These Biden Priorities Target Religious Liberty: 'It Treats Our Beliefs as the Equivalent of Racist Bigotry'
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WASHINGTON – During the last four years the Trump administration made the protection and enhancement of religious liberty a top priority. Many people of faith wonder whether President Biden will stay that course or follow the direction of the Obama administration.
"What will America look like in a post Trump era?" wonders Pastor Jack Hibbs, the senior pastor at Calvary Chapel Chino Hills located in Chino, California.
He appears in "Trump 2024: The World After Trump," a documentary that examines the possibility.
Trump: "Give Your Flocks the Word"
"President Donald Trump fought for religious freedom like no other president in modern history. It was important to him that we gave the people the word. He would often say to the pastor's 'Give your flocks the word' which I thought was an amazing statement that a US president would tell pastors to give people the word of God," Pastor Hibbs tells CBN.
Trump's push for free speech for pastors, pro-life policies, and a level of support for Israel never imagined by previous presidents offered a stark change to President Obama's numerous decisions that put Christians on edge.
Hi administration continuously went after groups like the Little Sisters of the Poor that opposed the Obamacare mandate of providing contraception and abortion-inducing drugs to their employees.
And the president's famous evolution on gay marriage emboldened the LGBTQ agenda that today demands conformity by Christians.
Now many Americans wonder if the Biden administration will be a re-boot of his time working for President Obama.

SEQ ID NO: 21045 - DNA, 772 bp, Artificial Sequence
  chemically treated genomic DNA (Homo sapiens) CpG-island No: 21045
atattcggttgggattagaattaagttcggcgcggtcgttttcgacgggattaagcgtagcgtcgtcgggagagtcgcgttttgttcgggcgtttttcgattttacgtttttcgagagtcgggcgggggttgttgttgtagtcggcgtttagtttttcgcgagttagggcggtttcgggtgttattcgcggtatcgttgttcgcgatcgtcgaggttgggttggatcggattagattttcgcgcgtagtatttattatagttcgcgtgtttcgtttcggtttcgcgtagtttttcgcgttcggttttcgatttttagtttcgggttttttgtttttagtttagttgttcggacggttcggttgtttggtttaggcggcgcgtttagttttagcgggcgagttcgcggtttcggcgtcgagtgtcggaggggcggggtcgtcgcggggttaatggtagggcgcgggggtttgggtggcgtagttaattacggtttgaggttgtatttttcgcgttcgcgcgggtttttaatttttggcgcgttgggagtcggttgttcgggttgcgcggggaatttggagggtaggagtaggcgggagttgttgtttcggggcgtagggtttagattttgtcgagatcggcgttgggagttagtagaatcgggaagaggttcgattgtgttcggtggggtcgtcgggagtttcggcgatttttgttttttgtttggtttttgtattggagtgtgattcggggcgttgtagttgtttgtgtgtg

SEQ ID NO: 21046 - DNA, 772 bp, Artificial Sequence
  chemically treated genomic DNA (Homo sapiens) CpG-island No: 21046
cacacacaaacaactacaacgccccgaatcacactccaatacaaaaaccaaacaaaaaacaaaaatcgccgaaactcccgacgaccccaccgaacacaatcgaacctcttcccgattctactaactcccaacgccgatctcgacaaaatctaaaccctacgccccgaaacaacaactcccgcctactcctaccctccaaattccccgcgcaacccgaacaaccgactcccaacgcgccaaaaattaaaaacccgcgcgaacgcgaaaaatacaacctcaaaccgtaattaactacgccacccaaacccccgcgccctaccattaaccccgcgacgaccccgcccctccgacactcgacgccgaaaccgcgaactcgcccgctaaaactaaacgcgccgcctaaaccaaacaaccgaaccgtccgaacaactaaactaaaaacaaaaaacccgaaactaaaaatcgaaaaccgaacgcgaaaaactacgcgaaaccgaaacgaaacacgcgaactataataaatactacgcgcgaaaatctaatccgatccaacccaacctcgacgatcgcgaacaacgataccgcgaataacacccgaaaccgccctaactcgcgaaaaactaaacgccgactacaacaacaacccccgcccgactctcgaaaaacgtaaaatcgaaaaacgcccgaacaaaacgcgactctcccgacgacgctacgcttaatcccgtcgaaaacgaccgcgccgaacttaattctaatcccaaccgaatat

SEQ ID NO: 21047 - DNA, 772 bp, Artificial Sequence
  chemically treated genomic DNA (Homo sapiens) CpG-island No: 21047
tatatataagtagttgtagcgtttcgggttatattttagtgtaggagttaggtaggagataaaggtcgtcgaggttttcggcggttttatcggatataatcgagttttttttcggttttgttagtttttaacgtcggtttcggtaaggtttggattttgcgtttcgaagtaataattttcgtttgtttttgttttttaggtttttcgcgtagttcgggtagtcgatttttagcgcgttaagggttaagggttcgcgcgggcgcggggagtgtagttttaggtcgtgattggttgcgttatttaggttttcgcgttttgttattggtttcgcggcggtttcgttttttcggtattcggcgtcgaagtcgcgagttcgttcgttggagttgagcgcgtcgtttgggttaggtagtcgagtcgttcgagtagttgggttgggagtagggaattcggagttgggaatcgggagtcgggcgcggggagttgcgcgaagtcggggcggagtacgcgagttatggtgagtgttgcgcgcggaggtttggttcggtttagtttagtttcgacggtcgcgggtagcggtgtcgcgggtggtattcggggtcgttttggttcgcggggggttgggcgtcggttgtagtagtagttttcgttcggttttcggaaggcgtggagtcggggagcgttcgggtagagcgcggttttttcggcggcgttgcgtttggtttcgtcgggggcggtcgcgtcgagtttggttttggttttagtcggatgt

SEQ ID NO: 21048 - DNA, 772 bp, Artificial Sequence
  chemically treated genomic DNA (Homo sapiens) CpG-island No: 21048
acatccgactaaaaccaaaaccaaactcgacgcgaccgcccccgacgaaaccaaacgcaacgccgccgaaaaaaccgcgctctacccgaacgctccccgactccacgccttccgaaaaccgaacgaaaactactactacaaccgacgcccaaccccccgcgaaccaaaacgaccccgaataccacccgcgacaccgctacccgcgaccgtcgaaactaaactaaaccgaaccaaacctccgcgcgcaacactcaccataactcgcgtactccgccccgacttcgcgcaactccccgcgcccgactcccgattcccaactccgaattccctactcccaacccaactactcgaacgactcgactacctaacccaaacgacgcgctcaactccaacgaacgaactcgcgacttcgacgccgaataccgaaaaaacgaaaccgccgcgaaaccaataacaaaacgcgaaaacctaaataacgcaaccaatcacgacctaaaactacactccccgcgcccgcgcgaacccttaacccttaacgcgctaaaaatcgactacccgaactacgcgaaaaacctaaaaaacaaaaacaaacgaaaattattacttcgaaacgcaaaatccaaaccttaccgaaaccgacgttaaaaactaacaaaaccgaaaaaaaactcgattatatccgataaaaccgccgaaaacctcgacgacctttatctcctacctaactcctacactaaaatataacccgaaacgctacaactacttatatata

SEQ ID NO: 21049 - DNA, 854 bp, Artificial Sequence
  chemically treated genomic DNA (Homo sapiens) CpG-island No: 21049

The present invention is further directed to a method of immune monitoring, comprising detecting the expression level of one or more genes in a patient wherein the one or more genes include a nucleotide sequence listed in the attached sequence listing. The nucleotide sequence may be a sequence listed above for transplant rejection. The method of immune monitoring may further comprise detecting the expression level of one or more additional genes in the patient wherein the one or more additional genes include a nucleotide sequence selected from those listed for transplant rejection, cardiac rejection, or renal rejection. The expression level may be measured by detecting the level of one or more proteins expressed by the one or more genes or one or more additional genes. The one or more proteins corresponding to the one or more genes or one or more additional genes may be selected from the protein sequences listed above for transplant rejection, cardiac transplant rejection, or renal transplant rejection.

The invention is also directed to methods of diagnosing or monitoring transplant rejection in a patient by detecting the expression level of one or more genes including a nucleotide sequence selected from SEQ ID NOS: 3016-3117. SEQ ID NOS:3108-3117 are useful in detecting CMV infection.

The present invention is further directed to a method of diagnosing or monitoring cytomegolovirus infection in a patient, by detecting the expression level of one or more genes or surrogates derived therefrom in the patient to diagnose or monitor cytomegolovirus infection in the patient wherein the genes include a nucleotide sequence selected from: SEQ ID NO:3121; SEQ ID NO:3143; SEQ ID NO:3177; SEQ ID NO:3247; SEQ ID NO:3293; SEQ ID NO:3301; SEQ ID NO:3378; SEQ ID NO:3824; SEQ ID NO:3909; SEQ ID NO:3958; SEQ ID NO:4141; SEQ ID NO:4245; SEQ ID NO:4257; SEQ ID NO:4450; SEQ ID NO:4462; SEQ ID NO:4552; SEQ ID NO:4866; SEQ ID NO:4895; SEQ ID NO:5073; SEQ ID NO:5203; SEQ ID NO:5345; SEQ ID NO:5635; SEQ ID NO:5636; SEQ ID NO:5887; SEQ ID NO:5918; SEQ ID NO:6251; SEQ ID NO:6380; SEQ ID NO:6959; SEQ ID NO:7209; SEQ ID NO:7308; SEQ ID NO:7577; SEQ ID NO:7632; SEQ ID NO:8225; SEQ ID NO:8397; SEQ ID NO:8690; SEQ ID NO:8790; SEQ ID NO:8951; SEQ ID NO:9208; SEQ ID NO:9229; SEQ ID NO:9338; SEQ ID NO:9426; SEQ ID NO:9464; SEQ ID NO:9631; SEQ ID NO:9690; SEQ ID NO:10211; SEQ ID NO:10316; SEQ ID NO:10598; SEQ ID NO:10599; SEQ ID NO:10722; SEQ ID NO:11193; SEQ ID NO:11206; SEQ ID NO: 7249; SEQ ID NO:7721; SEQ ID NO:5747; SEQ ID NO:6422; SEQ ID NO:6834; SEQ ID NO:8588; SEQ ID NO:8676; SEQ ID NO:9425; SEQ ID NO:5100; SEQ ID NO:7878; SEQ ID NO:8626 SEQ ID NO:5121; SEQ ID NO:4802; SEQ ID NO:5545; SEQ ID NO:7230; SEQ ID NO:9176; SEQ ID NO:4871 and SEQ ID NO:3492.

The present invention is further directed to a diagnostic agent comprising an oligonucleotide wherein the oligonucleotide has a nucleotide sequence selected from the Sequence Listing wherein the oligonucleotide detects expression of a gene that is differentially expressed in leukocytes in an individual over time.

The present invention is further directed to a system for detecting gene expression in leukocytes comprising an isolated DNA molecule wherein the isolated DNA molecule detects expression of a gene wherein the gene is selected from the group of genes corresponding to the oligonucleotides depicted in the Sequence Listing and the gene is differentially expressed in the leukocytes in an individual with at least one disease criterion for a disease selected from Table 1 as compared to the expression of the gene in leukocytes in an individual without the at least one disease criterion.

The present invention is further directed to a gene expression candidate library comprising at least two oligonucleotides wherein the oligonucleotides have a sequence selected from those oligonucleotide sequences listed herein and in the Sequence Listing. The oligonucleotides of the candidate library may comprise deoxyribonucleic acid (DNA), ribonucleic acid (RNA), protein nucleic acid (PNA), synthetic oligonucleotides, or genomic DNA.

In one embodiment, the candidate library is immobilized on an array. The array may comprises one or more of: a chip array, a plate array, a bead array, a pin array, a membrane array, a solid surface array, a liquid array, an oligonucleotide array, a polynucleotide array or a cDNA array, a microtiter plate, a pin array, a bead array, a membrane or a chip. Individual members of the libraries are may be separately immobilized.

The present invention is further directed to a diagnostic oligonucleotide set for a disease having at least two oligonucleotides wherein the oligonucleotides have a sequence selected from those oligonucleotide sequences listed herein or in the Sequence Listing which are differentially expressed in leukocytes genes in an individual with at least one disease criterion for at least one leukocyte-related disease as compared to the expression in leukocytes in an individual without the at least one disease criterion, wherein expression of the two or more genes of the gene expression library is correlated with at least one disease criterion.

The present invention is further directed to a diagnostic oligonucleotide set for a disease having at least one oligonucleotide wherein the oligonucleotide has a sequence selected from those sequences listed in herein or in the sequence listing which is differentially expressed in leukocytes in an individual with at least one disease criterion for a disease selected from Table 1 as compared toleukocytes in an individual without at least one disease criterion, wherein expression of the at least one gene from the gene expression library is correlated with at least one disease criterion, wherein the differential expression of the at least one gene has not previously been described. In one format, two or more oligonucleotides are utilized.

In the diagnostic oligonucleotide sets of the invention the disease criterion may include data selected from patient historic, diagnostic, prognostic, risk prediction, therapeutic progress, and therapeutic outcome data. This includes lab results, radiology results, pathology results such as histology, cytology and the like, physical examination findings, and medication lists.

"I kind of sense and I hope I'm wrong – I really want to be wrong – that a door could be closing on our religious freedoms – I want to stick my foot in that door as long as possible so that we might do good," Hibbs says.
The Equality Act
In his first 100 hundred days, President Biden has vowed to pass the Equality Act which elevates the rights of gay, lesbian, and transgendered people over those of Christians and other faiths.
"It treats the people who believe that marriage is between a man and a woman and that we're created male and female – it treats our beliefs as the equivalent of racist bigotry," says Emilie Kao, director of the DeVos Center for Religion and Civil Society at The Heritage Foundation.
The Equality Act goes further, removing conscience protections that allow doctors and nurses to refuse to perform abortions, and gutting the Religious Freedom Restoration Act (RFRA), which passed Congress nearly unanimously in 1993. That part would leave people of faith without legal recourse when their freedoms are trampled.
It's a move that would mark a major departure from current federal law.
"No piece of federal legislation that has ever been passed has ever said that," Tim Schultz with the 1st Amendment Partnership tells CBN News.
The measure passed the House last year but was blocked in the Senate.
"No person should be discriminated against in America. No one," said Sen. James Lankford (R-OK) on the Senate floor speaking against the bill.
Lankford and other critics argue Christians and other people of faith must be free to live out their beliefs.
Do No Harm?
Meanwhile, the new Democratic majority in Washington is also under pressure to pass the "Do No Harm Act" proposed last year by Vice President Kamala Harris when she was serving in the Senate.
Supporters say it prevents the Religious Freedom Restoration Act from being used as a weapon to challenge LGBTQ protections, pro-abortion policies, and birth control access.
Religious freedom advocates, however, maintain that despite its name, the "Do No Harm Act" rips the heart out of a law designed to give Christians and others legal options when the government tramples on their rights.
Debates on all these are coming and while it's important to advocate for religious freedom, Pastor Hibbs points out it's even more important to practice your faith when you're free to do so.
"We had four years of liberty and freedom that's just about now to be recorded in history - what did we do with that freedom? did we preach the word of Christ? Did we love our neighbors? Did we get out and help those that are less fortunate?" he asks.
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